There are few things more nerve-wracking and mentally/emotionally draining as interviewing for a job.
As one who naturally veers toward the introverted spectrum, I absolutely hate trying to sell myself. It’s like, “You should already know how awesome I am.” 😜 Right??
Before I get into the core of what this article is about, I feel like it’s important to explain what a growth mindset really is.
What is a Growth Mindset?
Dr. Carol Dweck famously defined the term in her best-selling book, Mindset.
“In a growth mindset, people believe that their most basic abilities can be developed through dedication and hard work — brains and talent are just the starting point. This view creates a love of learning and a resilience that is essential for great accomplishment.” — Dr. Carol Dweck
Honestly, this is one of the most important books in my personal growth journey…and I’m not alone.
You’ll hear Mindset referenced in probably 80% of personal growth, pop psychology books.
The reason a growth mindset is so critical to success is that the person embracing it realizes that anything they don’t know…yet, they can learn and grow into through intentional discipline and practice.
You know who has a growth mindset? Many top-performing athletes, visionary innovators like Elon Musk, and folks like Dr. Carol Dweck.
What is a Fixed Mindset?
It’s also important to mention that growth mindsets have an arch-nemesis known as a fixed mindset.
According to Dweck, when a student has a fixed mindset, they believe that their basic abilities, intelligence, and talents are fixed traits.
You know who has a fixed mindset? John McEnroe!
The problem with people like John McEnroe is they were likely told from a very early age that they are “gifted”. That they have a “God-given talent”.
While there may be some truth to that, fixed-minded people put all their stock in the fact that if they were born that way, they will always be great, and therefore don’t need to apply themselves as much as “less gifted folks”.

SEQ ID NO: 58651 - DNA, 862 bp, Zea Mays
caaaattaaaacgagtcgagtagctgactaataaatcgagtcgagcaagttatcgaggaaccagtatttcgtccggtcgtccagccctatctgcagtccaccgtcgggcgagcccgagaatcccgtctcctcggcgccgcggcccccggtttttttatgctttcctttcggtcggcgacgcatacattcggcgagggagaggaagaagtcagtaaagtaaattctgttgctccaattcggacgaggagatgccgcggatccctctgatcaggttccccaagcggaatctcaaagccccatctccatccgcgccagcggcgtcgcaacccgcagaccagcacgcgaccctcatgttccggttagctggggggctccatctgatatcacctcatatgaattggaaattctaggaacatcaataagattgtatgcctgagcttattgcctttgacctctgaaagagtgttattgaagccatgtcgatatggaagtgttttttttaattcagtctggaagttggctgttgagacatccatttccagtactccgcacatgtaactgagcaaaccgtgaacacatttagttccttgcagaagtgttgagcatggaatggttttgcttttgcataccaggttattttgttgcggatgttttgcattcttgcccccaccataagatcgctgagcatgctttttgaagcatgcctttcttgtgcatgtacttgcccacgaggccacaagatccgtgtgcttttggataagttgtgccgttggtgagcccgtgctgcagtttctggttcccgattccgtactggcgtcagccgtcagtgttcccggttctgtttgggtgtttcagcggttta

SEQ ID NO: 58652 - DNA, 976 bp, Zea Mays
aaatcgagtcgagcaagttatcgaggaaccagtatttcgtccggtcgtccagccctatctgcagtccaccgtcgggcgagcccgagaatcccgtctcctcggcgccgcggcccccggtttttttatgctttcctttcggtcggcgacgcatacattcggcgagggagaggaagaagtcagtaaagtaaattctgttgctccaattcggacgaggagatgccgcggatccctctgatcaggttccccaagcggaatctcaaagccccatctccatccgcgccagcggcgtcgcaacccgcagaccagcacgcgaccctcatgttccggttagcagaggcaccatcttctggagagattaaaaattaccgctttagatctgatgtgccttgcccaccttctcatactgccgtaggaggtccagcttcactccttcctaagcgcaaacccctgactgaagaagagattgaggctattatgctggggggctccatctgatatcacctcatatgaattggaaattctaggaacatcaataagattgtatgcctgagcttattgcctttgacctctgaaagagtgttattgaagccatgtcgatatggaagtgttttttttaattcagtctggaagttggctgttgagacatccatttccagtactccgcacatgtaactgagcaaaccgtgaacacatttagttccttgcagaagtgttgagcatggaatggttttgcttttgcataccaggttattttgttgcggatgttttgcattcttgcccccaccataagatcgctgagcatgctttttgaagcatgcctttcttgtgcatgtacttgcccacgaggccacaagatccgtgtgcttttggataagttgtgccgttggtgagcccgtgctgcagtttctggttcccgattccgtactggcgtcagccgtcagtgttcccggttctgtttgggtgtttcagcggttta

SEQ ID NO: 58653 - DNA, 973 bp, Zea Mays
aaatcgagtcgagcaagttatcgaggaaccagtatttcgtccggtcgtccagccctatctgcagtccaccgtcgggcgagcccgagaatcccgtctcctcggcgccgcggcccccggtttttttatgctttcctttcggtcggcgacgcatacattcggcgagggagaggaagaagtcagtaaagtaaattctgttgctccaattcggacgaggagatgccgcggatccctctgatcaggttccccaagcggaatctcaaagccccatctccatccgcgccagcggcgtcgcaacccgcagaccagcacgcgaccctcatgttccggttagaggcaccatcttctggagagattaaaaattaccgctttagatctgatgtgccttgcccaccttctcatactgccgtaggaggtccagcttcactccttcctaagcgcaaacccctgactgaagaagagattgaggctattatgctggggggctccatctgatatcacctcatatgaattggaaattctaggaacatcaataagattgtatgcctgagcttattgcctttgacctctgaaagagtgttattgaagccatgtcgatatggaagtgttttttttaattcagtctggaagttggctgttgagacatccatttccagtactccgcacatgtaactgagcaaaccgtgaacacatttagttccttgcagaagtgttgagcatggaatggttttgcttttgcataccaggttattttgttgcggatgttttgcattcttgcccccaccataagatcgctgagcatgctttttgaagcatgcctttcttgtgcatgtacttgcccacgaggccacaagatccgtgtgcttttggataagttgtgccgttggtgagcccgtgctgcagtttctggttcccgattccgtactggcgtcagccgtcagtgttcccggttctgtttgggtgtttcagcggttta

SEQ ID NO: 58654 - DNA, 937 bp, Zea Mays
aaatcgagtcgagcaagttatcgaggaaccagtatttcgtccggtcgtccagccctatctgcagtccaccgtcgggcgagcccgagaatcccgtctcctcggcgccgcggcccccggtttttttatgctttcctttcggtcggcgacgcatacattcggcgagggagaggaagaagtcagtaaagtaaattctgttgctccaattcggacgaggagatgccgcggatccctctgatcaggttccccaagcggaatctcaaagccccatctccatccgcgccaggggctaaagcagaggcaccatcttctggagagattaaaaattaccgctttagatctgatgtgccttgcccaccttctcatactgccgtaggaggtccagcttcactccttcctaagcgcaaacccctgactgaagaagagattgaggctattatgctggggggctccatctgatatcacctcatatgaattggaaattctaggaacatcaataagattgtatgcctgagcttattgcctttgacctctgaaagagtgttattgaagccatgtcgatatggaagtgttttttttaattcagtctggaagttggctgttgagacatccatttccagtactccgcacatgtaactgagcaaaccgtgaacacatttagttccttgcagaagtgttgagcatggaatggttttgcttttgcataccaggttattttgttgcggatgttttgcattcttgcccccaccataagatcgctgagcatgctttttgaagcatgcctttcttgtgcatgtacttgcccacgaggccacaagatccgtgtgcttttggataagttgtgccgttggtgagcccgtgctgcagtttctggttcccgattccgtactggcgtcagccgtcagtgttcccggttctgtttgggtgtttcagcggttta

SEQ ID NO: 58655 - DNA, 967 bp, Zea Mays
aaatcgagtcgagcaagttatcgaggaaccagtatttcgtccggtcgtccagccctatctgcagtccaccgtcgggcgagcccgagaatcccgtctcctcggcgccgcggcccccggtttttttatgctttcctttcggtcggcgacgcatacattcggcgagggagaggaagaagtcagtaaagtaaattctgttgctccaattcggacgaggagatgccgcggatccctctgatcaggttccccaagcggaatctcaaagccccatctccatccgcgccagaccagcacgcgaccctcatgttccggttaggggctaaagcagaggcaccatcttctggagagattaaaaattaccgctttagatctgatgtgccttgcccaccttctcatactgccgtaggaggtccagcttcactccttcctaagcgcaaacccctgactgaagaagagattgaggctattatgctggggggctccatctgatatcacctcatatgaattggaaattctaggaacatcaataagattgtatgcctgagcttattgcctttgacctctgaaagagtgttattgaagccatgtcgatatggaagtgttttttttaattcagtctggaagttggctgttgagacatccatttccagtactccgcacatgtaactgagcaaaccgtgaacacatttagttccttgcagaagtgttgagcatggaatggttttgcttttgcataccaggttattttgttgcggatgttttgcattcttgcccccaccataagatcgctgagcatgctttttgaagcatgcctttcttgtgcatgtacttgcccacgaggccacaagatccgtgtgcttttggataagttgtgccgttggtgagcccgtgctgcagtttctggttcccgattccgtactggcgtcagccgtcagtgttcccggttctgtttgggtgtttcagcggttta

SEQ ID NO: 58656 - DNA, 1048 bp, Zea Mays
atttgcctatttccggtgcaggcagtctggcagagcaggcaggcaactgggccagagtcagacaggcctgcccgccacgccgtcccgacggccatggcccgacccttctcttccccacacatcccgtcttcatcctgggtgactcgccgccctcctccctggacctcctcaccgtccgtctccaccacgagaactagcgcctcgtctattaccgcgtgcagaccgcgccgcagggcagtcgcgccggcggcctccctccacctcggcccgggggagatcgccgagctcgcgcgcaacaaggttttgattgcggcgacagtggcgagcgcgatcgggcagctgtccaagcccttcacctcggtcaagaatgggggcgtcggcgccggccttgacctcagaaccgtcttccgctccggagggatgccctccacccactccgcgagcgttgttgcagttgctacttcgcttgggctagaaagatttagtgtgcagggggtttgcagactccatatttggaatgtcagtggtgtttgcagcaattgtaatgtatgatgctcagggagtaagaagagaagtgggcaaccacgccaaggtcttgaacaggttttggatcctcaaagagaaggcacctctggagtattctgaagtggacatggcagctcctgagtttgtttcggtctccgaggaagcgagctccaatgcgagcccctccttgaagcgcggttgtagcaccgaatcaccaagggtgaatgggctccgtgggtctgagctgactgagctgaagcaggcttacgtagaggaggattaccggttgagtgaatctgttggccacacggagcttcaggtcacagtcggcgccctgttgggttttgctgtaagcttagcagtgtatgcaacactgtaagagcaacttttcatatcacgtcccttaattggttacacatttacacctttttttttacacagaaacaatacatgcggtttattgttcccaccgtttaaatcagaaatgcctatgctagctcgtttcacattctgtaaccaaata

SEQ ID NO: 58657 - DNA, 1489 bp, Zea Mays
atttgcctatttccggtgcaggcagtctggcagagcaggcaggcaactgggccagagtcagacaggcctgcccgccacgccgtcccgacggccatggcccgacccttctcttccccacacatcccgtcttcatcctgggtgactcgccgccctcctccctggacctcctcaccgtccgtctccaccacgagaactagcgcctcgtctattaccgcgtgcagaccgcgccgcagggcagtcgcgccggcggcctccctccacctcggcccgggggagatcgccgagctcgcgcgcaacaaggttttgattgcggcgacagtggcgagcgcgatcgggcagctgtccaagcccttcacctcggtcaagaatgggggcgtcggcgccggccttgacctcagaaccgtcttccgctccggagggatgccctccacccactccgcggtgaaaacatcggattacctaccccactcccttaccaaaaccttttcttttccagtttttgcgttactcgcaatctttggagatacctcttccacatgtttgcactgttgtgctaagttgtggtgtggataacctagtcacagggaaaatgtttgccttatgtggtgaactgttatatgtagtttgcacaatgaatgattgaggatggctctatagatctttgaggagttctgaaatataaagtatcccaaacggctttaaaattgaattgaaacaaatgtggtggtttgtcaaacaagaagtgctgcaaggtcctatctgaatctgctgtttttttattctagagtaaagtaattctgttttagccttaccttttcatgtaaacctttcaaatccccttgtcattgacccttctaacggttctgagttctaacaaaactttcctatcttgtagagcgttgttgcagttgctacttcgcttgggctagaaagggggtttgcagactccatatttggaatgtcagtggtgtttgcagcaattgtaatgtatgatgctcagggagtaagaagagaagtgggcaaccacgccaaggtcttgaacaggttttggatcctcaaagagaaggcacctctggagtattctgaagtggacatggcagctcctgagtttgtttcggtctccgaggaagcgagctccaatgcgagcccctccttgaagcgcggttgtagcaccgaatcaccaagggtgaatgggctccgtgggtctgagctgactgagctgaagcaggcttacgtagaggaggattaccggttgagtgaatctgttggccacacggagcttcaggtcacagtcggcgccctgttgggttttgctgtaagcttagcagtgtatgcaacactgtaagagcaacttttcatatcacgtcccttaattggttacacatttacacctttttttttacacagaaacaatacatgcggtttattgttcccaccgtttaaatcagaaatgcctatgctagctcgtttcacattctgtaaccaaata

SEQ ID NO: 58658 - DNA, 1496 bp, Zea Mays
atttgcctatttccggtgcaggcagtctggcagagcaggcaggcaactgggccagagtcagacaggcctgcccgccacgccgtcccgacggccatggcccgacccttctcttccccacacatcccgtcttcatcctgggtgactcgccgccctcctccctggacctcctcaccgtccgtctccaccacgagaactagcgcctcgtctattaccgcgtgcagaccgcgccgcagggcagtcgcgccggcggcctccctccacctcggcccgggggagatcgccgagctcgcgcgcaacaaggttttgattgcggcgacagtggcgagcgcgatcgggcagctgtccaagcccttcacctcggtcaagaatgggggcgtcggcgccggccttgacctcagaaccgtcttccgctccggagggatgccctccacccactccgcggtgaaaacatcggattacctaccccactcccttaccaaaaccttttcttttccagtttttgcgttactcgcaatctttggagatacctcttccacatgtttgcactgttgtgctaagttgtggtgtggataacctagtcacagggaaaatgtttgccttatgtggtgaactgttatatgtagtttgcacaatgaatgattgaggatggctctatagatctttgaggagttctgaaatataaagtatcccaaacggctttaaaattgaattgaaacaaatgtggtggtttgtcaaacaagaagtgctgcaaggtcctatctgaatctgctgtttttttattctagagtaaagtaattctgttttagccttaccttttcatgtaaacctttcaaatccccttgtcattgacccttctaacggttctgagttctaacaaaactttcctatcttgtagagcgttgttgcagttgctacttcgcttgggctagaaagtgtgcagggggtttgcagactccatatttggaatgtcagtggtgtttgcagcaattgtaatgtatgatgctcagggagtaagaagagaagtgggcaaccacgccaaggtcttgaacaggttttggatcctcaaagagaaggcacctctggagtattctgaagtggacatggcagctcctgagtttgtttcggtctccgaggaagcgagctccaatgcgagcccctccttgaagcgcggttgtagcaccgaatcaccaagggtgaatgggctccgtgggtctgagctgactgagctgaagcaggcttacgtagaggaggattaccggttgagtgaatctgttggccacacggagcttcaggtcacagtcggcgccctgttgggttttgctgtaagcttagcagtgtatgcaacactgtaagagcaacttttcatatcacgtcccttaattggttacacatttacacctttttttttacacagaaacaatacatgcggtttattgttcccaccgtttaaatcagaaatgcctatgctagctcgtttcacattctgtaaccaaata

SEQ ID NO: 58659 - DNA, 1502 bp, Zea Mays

A fixed mindset has an expiration date, and it still surprises me that fixed-minded folks haven’t figured this out yet.
Fixed mindsets expire immediately after anyone with a growth mindset works harder and applies themselves more to increase their skill and craft beyond what the fixed craft and skill level fixed mindsets remained stagnant at.
Another KPI of a fixed mindset is immediate blame rather than ownership.
When something goes wrong in the midst of practicing their craft, instead of holding themselves accountable for not yet having learned and applied themselves in that area, they blame others.
Classic case with our fixed mindset poster boy:
Back to my job interview story:
So, here I was interviewing for what I thought at the time was a really great opportunity. The mission and alignment were outstanding and something I wanted to be a part of. I made my way to the the third interview with the manager. All was going really great (or so I thought).
Then toward the end of the hour, he asked me one question:
“Have you created an enterprise-level design system before?”
“Not yet, but I can figure it out.”
It’s important to note that early on in that interview, I had mentioned my growth mindset and how it’s really taken me a long way, and continues to.
I remember him also saying, “That’s great, I have a growth mindset too.”